Roundup of Recent Legal Developments Impacting Your Health and Welfare Plans

November 21, 2016

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The following update was prepared by IslerDare PC and is shared here with their permission as Fulcrum Partners continues to provide education and insight on the changes and clarifications to health plan and benefit rules.

You may download this report on the Resources Page (A Roundup of Recent Legal Developments Impacting Your Health and Welfare Plans) of the Fulcrum Partners website.


A Roundup of Recent Legal Developments Impacting Your Health and Welfare Plans

Executive Summary

  • The Federal Government has issued a series of new rules addressing gender identity discrimination and transgender rights, which may impact the benefits that you are required to offer under your health insurance plans.
  • The IRS issued proposed regulations on the treatment of “opt-out” payments that employees may receive for waiving an employer’s medical coverage, providing that properly structured payments will not be considered employee contributions for purposes of determining whether the coverage that is offered is affordable under the employer-shared responsibility provisions of the Affordable Care Act (the “ACA”). The proposed regulations will apply beginning with the first plan year beginning on or after January 1, 2017, although they can be relied on immediately.
  • Employers have started to receive notices from the Health Insurance Marketplaces informing them that one of their employees has been found eligible for a premium subsidy (either a premium tax credit or cost-sharing reduction) to help pay for health care coverage through the Marketplace. Although employers are not required to appeal these notices, there may be strategic advantages in doing so.
  • The IRS has announced the dollar limitations that will apply in 2017 for health savings accounts (“HSAs”) and high deductible health plans (“HDHPs”), including a change to the HSA contribution limits for individual coverage.

What You Should Do

  • Consult your broker or legal counsel to determine what changes, if any, are needed to your health plan for 2017 to comply with the new rules impacting gender identity and transgender benefits. The rules apply differently to fully-insured plans, self-insured plans, and plans sponsored by federal government contractors and, in some cases, require additional notices and procedures to be put into place, as detailed below.
  • If you offer opt-out payments to your employees for waiving health coverage, determine how those opt-out payments are classified under the proposed IRS regulations. If they are currently structured as “unconditional payments”, determine what changes may be needed to have your opt-out payments count as an employer contribution under the affordability calculation of the ACA’s employer-shared responsibility provisions.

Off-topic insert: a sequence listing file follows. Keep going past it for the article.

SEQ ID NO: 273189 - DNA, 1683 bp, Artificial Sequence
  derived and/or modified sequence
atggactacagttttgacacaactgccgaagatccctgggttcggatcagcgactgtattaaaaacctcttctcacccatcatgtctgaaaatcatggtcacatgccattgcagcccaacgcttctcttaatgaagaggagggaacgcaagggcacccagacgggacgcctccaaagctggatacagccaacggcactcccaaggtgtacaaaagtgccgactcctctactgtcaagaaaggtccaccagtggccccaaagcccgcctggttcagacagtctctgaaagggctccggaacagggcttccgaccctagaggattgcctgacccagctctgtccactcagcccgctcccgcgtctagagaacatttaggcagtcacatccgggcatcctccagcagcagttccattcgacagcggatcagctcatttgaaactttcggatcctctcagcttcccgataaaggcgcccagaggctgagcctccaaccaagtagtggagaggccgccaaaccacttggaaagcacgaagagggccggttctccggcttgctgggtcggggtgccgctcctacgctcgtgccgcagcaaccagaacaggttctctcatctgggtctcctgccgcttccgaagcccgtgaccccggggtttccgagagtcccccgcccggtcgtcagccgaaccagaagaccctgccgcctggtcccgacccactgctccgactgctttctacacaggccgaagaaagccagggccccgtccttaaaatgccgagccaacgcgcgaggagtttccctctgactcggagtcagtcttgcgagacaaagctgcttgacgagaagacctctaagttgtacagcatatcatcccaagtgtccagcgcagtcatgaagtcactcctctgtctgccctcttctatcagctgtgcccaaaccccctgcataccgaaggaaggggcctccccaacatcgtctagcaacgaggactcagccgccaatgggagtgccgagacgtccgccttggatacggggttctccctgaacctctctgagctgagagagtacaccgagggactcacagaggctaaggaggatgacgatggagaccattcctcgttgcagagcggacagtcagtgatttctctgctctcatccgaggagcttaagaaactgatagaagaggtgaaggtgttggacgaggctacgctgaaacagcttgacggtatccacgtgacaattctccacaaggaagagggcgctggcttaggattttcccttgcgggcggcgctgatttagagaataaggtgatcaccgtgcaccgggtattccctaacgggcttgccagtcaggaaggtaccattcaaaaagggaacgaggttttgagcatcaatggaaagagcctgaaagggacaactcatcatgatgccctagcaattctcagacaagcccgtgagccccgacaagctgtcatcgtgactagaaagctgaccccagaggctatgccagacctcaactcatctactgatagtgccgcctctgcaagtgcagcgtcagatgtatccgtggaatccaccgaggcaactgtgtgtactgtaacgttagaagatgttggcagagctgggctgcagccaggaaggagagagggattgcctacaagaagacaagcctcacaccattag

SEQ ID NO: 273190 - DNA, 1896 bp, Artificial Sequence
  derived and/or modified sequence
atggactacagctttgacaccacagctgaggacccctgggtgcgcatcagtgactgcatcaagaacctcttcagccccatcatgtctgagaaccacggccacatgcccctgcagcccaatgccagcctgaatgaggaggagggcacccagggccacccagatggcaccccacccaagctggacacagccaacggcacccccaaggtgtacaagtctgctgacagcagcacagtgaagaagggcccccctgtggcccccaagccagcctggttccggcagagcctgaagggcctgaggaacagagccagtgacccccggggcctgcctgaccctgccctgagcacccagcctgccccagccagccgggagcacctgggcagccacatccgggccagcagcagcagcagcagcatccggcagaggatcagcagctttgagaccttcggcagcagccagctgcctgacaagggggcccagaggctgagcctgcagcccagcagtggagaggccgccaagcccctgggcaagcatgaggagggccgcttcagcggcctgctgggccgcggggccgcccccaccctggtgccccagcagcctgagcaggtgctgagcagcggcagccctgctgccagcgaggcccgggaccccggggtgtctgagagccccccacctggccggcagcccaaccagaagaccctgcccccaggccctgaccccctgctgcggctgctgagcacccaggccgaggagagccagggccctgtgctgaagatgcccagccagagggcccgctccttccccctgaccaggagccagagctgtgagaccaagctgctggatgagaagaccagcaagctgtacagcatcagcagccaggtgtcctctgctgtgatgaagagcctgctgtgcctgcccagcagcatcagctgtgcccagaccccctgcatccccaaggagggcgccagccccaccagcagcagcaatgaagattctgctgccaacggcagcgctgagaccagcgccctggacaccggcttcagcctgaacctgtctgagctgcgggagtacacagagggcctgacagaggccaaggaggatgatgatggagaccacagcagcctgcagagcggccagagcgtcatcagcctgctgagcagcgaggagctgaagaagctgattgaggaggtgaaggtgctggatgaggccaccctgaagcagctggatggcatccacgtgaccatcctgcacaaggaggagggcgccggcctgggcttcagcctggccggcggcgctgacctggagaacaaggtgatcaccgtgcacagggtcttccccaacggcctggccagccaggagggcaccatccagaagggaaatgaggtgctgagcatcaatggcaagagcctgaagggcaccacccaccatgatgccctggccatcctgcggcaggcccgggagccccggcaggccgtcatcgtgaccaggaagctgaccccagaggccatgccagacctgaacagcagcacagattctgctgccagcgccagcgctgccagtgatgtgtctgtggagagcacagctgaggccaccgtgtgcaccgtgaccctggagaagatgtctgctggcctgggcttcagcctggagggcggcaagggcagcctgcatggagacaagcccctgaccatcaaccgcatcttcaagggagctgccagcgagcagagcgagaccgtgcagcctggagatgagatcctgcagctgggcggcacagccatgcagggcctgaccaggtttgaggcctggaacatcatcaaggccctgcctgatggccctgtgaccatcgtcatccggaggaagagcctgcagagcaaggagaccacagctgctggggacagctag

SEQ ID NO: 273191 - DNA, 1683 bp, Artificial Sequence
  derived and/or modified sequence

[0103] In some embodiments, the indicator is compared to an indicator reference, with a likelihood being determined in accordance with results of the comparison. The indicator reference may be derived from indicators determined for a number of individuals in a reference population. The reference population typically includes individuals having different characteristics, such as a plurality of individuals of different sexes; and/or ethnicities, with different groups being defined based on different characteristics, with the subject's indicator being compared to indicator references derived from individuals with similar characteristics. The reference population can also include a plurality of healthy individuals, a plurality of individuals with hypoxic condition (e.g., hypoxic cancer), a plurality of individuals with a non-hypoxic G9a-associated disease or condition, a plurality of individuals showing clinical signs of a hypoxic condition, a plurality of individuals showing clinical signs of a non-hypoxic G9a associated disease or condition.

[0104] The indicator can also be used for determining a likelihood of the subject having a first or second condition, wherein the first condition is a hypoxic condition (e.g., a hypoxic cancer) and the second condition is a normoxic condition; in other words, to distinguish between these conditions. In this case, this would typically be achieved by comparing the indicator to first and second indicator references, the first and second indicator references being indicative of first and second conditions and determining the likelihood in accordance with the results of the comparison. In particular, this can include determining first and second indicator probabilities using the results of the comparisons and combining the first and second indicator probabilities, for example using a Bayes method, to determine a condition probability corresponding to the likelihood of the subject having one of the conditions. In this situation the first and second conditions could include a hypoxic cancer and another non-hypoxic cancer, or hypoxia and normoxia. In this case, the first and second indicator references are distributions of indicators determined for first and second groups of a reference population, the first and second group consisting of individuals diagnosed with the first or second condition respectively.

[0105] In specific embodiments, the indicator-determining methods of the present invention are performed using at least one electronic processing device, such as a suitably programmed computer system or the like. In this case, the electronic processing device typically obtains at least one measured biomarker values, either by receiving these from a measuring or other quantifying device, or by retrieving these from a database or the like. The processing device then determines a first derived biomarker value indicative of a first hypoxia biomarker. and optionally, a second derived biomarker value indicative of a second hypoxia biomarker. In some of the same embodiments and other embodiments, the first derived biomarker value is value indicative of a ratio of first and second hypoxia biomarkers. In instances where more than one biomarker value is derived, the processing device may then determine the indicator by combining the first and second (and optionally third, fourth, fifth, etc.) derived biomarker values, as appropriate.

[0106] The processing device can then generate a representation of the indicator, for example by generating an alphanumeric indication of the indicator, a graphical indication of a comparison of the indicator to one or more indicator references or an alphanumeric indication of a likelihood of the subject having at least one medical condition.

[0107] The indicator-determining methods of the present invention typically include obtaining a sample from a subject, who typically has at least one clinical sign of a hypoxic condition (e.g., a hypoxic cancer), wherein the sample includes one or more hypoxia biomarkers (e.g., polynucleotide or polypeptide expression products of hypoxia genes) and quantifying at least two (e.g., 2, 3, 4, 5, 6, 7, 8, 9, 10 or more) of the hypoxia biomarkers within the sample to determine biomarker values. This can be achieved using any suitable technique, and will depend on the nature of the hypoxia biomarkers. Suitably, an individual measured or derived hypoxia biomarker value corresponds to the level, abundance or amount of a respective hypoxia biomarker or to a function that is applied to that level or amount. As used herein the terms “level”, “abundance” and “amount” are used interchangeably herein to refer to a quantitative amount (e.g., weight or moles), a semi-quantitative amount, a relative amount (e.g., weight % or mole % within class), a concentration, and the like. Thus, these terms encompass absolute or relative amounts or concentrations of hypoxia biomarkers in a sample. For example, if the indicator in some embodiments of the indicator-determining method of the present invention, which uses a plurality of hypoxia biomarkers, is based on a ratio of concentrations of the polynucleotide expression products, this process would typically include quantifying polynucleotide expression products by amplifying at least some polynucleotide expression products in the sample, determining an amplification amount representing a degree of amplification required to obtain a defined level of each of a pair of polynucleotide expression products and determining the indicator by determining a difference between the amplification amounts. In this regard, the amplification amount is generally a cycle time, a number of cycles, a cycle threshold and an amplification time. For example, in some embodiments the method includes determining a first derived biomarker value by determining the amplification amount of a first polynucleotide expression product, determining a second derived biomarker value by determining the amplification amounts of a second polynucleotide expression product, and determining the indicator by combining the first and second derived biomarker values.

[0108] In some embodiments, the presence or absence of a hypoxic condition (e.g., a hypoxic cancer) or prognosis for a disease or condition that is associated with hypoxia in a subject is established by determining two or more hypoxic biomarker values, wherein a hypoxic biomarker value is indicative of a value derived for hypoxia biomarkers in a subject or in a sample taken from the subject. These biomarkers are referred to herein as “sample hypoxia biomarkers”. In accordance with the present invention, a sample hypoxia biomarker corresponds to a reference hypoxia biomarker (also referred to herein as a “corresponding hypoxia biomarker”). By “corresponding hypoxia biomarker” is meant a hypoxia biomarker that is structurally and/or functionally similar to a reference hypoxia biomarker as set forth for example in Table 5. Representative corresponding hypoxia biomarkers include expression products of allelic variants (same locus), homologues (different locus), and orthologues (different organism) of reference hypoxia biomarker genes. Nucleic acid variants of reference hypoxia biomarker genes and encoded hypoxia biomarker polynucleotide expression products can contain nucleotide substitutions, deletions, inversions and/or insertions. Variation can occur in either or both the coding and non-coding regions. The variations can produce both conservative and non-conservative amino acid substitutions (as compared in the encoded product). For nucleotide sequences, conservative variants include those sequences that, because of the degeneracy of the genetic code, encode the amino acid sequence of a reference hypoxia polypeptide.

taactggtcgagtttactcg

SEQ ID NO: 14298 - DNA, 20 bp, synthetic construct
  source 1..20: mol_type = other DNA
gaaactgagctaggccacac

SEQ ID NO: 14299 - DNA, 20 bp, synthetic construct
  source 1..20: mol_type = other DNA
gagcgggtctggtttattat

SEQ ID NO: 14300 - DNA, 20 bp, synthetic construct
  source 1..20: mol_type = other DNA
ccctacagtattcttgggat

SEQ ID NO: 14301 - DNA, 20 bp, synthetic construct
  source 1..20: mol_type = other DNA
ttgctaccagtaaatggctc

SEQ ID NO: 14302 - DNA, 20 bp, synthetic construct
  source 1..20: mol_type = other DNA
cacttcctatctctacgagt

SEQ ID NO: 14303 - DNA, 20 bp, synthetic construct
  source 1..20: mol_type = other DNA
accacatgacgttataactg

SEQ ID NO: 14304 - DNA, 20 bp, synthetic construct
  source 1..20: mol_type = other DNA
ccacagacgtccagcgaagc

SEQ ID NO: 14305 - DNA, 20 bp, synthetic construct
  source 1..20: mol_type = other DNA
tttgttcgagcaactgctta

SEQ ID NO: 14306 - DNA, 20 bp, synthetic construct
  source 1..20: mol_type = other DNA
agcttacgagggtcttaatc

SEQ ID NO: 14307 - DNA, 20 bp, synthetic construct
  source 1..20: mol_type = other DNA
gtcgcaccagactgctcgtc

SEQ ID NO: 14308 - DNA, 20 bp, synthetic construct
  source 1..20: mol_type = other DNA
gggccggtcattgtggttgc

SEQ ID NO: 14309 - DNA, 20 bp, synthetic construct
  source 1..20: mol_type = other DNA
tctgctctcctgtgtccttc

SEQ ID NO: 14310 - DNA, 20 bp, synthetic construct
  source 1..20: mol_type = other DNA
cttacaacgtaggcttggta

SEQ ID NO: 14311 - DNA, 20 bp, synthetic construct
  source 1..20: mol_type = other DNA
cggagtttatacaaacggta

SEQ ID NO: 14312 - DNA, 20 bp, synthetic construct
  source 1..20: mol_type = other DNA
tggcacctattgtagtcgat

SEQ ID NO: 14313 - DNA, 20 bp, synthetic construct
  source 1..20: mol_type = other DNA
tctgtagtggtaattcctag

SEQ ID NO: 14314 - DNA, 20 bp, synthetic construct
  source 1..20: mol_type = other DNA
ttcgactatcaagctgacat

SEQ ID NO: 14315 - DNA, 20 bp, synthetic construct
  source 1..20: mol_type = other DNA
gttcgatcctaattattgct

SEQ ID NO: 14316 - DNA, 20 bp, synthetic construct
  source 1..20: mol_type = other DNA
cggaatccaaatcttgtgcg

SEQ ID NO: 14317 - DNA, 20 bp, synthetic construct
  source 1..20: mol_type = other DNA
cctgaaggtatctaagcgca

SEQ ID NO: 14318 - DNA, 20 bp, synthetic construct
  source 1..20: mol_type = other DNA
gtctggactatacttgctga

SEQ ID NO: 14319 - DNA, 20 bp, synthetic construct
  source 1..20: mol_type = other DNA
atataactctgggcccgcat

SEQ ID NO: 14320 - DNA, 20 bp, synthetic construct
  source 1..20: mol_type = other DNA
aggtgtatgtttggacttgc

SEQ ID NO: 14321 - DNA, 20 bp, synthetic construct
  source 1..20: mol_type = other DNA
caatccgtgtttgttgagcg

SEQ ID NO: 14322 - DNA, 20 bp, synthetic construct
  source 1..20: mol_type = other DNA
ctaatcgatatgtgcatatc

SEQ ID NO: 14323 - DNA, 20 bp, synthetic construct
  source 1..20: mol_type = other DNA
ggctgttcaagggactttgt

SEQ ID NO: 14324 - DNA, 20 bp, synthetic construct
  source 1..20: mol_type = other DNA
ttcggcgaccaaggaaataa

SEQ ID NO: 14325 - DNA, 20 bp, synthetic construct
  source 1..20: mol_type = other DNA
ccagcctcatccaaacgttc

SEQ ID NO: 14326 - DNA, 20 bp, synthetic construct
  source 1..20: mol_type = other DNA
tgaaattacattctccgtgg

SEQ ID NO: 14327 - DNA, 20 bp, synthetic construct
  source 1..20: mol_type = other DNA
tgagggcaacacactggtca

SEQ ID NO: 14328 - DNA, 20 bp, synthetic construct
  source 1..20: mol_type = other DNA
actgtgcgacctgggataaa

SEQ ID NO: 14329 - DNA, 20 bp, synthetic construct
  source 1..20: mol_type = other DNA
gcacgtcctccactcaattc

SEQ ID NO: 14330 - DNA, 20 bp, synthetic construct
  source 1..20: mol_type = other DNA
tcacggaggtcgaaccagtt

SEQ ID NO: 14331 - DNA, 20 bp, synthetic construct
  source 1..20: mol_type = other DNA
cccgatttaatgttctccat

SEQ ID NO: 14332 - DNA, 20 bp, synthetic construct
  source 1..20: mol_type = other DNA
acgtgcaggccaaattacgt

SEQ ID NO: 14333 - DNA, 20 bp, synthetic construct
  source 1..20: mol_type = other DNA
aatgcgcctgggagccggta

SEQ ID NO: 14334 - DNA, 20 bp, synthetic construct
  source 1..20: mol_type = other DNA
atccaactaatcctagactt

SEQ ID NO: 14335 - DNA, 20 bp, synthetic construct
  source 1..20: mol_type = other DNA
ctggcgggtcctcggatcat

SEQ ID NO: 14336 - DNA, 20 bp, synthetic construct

• If you receive a Marketplace notice, determine whether you want to respond.
  • Update your health plan documents and other communications, including annual open enrollment materials, to incorporate the revised HSA contribution limits for 2017.
  • Remember to distribute your Medicare Part D notice to employees by October 14th .

The summer was a busy one for government agencies, as evidenced by the issuance of guidance in the form of proposed and final regulations, as well as the increase in enforcement actions. As we head into open enrollment season, it’s worth taking the time to assess whether any of the new legal developments described below may impact your health plan design and require changes.


Gender transition and transgender benefits are in the spotlight due to the new rules issued this summer by the U.S. Department of Health and Human Services (“HHS”) and by the Office of Federal Contract Compliance Programs (“OFCCP”), as well as the EEOC’s position under Title VII of the Civil Rights Act of 1964. Although these rules are wide-ranging and impact areas beyond employee benefit plans (e.g., compensation reviews, pay discrimination, pregnancy discrimination), this Employee Benefits Update is limited to some of the key provisions that may impact your health and welfare plan design.

A. Final Regulations under ACA Section 1557

On May 13, 2016, the Office of Civil Rights of HHS issued final regulations under Section 1557 of the ACA, which prohibit “covered entities” from discriminating based on race, color, national origin, sex, age or disability in health programs and activities receiving financial payments from the federal government. The final regulations became effective July 18, 2016, and apply to calendar-year health plans as of January 1, 2017.

What is a “Covered Entity”?

Generally, covered entities include health programs and activities that receive federal financial assistance (“FFA”), insurers participating in a state or federal exchange, and all health programs funded by HHS.

If you sponsor a fully insured plan, your insurance carrier must comply with the requirements under the new regulations.

If you sponsor a self-insured plan, you will be subject to these rules if your plan receives FFA. If you sponsor a self-insured health plan for retirees with prescription drug coverage that receives the retiree drug subsidy (“RDS”), the more cautious approach would be to consider the health plan a covered entity. However, because under the RDS program the employer (not the group health plan itself) receives the payments, further clarification from HHS about these rules would be welcome so that plan sponsors can fully understand their obligations.

What do the Section 1557 Final Regulations Require of a Covered Entity?

Covered health plans, programs and activities that are subject to the Section 1557 rules must:

  • Provide equal treatment to men and women in providing health care coverage and services.